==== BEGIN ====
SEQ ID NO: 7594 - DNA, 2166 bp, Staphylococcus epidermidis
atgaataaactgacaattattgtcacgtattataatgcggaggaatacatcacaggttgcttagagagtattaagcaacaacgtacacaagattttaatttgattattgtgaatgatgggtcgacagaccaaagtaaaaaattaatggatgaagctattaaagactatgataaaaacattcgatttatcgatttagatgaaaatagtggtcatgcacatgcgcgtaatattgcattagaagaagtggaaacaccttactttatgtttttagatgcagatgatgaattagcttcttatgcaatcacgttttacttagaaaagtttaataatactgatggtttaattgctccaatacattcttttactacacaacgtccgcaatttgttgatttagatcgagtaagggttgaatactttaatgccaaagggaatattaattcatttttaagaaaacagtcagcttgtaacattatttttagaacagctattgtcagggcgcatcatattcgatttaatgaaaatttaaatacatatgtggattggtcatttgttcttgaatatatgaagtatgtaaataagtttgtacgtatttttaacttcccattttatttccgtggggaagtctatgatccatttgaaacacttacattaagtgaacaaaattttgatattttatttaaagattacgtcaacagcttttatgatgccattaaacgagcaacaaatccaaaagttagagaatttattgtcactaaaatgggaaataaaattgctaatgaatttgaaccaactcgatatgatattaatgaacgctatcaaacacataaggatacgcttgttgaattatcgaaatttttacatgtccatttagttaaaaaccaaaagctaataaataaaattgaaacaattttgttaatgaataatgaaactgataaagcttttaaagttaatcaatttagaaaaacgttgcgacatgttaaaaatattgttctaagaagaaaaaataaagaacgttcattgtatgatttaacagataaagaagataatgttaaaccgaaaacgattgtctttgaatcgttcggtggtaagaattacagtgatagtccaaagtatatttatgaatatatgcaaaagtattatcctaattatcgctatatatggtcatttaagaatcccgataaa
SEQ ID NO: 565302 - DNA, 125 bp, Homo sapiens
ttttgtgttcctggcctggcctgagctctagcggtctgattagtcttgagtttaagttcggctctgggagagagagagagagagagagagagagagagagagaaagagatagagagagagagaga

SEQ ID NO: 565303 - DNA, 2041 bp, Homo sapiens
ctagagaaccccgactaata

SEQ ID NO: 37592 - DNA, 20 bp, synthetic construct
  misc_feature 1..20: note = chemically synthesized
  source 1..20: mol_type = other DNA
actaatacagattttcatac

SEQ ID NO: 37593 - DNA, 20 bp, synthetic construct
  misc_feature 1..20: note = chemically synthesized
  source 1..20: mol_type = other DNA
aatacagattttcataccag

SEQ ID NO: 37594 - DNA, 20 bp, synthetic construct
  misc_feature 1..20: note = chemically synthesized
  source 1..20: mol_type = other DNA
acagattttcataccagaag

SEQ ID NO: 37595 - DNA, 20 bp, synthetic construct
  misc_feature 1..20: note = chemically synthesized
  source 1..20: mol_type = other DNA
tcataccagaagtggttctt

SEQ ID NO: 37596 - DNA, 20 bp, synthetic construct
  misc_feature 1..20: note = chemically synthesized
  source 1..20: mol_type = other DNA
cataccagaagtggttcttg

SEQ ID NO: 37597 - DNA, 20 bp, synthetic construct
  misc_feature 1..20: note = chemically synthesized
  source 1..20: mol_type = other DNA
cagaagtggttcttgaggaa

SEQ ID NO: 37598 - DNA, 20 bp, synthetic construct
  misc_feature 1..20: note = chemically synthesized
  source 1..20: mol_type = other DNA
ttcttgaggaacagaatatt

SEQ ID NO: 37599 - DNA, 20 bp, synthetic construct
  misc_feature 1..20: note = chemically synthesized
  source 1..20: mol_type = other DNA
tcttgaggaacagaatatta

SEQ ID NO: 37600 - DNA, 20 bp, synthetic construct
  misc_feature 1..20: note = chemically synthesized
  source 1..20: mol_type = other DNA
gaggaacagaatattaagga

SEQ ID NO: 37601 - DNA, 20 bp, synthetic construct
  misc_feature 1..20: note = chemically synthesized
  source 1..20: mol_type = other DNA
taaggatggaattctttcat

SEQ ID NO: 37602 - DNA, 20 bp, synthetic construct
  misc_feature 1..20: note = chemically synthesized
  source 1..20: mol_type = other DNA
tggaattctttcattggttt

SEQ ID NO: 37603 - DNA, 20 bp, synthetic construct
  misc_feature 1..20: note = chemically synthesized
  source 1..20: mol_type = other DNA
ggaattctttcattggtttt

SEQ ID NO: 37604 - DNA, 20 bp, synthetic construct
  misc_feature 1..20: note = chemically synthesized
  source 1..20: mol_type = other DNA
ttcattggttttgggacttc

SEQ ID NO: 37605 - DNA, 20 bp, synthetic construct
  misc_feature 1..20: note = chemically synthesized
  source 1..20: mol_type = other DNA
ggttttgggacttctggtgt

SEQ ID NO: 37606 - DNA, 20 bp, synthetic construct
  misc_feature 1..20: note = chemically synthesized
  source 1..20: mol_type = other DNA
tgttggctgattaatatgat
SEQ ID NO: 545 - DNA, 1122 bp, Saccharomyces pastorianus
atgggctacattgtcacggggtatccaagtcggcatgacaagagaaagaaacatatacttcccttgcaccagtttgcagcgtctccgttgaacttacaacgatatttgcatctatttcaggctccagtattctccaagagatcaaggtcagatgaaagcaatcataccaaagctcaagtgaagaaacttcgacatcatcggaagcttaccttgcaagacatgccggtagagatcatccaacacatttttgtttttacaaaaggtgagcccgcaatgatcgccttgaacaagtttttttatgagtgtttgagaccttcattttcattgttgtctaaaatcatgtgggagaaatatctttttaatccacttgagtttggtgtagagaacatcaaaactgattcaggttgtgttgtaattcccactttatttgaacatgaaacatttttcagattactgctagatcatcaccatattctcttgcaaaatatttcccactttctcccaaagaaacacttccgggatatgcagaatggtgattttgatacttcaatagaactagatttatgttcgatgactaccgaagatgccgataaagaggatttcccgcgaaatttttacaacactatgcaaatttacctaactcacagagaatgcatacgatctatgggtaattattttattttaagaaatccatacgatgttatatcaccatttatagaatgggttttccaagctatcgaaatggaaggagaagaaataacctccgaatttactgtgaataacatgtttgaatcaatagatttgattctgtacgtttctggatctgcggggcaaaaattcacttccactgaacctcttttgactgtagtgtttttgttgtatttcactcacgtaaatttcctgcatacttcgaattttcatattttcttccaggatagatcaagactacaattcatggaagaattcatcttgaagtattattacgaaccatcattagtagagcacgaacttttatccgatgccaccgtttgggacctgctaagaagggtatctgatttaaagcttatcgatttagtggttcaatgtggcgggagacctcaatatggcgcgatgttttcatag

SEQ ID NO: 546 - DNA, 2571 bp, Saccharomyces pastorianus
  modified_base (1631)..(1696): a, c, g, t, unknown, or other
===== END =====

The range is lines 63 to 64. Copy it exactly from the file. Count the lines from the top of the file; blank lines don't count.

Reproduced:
SEQ ID NO: 37606 - DNA, 20 bp, synthetic construct
  misc_feature 1..20: note = chemically synthesized